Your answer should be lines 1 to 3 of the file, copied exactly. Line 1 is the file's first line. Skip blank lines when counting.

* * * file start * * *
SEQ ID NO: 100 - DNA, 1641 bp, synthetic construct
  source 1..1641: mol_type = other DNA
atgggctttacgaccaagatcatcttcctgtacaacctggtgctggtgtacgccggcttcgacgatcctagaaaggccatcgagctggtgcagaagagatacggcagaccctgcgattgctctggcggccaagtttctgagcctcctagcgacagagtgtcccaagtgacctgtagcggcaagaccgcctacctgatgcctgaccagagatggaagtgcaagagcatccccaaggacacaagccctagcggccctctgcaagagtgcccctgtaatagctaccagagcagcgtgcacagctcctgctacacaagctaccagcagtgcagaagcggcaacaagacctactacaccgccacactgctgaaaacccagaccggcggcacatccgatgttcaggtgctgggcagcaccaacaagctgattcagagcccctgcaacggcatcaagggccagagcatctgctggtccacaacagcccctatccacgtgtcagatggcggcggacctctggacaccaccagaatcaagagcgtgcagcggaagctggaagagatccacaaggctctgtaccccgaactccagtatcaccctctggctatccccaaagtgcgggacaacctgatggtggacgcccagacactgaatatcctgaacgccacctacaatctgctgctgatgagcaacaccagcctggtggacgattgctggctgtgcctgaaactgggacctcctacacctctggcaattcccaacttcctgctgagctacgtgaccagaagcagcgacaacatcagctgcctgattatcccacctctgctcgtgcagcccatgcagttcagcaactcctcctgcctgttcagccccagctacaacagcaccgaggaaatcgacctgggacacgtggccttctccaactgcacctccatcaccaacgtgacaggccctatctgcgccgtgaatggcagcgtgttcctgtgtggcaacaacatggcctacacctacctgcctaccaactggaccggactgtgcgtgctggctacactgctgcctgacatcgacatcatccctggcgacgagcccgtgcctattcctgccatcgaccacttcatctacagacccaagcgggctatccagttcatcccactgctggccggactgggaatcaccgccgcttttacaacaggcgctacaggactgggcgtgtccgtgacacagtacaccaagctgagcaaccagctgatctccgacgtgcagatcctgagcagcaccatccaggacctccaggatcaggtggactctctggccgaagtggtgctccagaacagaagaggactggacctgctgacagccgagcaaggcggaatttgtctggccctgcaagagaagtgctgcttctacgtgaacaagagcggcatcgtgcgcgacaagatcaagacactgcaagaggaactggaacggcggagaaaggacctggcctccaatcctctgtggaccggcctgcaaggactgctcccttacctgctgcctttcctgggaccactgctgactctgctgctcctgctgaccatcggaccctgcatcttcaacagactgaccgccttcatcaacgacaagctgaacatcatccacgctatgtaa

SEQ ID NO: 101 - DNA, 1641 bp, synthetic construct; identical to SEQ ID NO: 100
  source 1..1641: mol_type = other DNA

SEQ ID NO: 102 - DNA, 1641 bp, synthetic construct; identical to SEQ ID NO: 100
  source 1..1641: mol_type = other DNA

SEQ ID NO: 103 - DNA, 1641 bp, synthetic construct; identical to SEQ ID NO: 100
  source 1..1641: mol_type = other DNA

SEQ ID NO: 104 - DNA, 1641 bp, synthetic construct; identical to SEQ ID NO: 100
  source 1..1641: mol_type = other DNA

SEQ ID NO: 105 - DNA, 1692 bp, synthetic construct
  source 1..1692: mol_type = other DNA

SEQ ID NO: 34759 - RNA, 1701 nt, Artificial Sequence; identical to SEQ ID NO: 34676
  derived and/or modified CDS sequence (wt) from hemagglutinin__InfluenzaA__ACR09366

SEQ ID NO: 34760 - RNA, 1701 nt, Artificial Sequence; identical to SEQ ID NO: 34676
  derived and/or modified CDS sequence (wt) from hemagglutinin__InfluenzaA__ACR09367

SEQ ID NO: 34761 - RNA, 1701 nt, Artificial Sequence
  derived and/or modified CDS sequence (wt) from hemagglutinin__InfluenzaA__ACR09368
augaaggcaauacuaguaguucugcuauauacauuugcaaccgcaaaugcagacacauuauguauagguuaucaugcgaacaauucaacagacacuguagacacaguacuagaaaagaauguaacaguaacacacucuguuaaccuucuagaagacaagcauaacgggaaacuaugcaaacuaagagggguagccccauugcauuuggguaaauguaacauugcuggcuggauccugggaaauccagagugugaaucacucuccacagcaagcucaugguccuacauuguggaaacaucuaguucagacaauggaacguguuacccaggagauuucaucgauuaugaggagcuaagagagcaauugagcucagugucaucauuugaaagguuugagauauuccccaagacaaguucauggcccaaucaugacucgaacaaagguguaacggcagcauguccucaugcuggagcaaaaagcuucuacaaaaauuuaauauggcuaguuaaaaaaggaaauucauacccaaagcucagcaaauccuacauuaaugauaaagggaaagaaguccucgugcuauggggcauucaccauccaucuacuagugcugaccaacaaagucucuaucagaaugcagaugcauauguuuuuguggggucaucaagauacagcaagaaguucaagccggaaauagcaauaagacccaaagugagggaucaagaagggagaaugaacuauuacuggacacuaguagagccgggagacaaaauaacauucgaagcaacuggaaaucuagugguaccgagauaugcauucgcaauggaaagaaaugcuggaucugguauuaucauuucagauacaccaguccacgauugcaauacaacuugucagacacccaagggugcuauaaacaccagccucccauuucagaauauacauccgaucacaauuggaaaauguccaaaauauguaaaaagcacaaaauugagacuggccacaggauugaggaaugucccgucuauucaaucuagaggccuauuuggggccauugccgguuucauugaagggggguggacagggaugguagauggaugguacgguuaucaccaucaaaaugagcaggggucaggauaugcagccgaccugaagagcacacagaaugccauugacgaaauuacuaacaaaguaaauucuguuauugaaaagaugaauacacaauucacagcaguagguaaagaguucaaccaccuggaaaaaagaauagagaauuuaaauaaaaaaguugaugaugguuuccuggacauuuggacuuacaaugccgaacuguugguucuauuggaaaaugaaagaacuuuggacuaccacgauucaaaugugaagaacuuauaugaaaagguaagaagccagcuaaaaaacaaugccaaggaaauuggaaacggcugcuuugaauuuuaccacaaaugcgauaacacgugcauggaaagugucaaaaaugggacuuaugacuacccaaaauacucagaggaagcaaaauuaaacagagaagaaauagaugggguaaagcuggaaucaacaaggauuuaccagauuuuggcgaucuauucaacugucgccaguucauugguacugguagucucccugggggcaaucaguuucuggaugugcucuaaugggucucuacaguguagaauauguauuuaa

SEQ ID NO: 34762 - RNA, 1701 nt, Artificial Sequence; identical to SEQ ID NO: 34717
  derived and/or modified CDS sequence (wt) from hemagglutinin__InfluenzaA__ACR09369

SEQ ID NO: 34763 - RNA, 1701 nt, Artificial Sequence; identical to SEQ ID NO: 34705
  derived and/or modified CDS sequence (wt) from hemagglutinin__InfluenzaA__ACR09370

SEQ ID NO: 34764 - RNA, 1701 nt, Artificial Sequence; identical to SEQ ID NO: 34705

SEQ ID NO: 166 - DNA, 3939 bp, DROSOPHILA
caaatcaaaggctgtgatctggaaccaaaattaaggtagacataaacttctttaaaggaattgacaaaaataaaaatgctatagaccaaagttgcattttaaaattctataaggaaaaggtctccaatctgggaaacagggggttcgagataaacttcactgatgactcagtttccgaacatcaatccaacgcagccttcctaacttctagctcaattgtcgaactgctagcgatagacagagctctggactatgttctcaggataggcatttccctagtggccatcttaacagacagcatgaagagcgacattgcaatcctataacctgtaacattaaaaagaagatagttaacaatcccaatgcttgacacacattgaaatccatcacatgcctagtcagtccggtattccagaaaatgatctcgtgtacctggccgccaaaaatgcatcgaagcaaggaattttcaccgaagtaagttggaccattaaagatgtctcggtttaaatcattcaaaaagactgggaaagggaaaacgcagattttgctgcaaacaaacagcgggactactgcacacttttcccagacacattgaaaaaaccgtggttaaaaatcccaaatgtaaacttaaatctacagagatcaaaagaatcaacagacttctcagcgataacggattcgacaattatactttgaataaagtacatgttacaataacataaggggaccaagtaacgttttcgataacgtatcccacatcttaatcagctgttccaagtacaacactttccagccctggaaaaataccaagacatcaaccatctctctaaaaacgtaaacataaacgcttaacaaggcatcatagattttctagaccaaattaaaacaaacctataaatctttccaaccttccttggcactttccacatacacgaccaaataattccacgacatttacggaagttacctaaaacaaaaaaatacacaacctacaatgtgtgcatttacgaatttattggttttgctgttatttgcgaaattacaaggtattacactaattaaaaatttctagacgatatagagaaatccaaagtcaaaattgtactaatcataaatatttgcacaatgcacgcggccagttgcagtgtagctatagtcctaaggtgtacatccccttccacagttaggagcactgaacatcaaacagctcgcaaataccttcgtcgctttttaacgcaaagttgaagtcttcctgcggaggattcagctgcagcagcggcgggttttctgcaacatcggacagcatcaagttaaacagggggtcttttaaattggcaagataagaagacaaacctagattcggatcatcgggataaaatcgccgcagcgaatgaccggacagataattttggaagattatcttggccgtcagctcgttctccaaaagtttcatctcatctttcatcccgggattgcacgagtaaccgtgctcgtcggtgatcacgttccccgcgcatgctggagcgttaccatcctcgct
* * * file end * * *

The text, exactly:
SEQ ID NO: 100 - DNA, 1641 bp, synthetic construct
  source 1..1641: mol_type = other DNA
atgggctttacgaccaagatcatcttcctgtacaacctggtgctggtgtacgccggcttcgacgatcctagaaaggccatcgagctggtgcagaagagatacggcagaccctgcgattgctctggcggccaagtttctgagcctcctagcgacagagtgtcccaagtgacctgtagcggcaagaccgcctacctgatgcctgaccagagatggaagtgcaagagcatccccaaggacacaagccctagcggccctctgcaagagtgcccctgtaatagctaccagagcagcgtgcacagctcctgctacacaagctaccagcagtgcagaagcggcaacaagacctactacaccgccacactgctgaaaacccagaccggcggcacatccgatgttcaggtgctgggcagcaccaacaagctgattcagagcccctgcaacggcatcaagggccagagcatctgctggtccacaacagcccctatccacgtgtcagatggcggcggacctctggacaccaccagaatcaagagcgtgcagcggaagctggaagagatccacaaggctctgtaccccgaactccagtatcaccctctggctatccccaaagtgcgggacaacctgatggtggacgcccagacactgaatatcctgaacgccacctacaatctgctgctgatgagcaacaccagcctggtggacgattgctggctgtgcctgaaactgggacctcctacacctctggcaattcccaacttcctgctgagctacgtgaccagaagcagcgacaacatcagctgcctgattatcccacctctgctcgtgcagcccatgcagttcagcaactcctcctgcctgttcagccccagctacaacagcaccgaggaaatcgacctgggacacgtggccttctccaactgcacctccatcaccaacgtgacaggccctatctgcgccgtgaatggcagcgtgttcctgtgtggcaacaacatggcctacacctacctgcctaccaactggaccggactgtgcgtgctggctacactgctgcctgacatcgacatcatccctggcgacgagcccgtgcctattcctgccatcgaccacttcatctacagacccaagcgggctatccagttcatcccactgctggccggactgggaatcaccgccgcttttacaacaggcgctacaggactgggcgtgtccgtgacacagtacaccaagctgagcaaccagctgatctccgacgtgcagatcctgagcagcaccatccaggacctccaggatcaggtggactctctggccgaagtggtgctccagaacagaagaggactggacctgctgacagccgagcaaggcggaatttgtctggccctgcaagagaagtgctgcttctacgtgaacaagagcggcatcgtgcgcgacaagatcaagacactgcaagaggaactggaacggcggagaaaggacctggcctccaatcctctgtggaccggcctgcaaggactgctcccttacctgctgcctttcctgggaccactgctgactctgctgctcctgctgaccatcggaccctgcatcttcaacagactgaccgccttcatcaacgacaagctgaacatcatccacgctatgtaa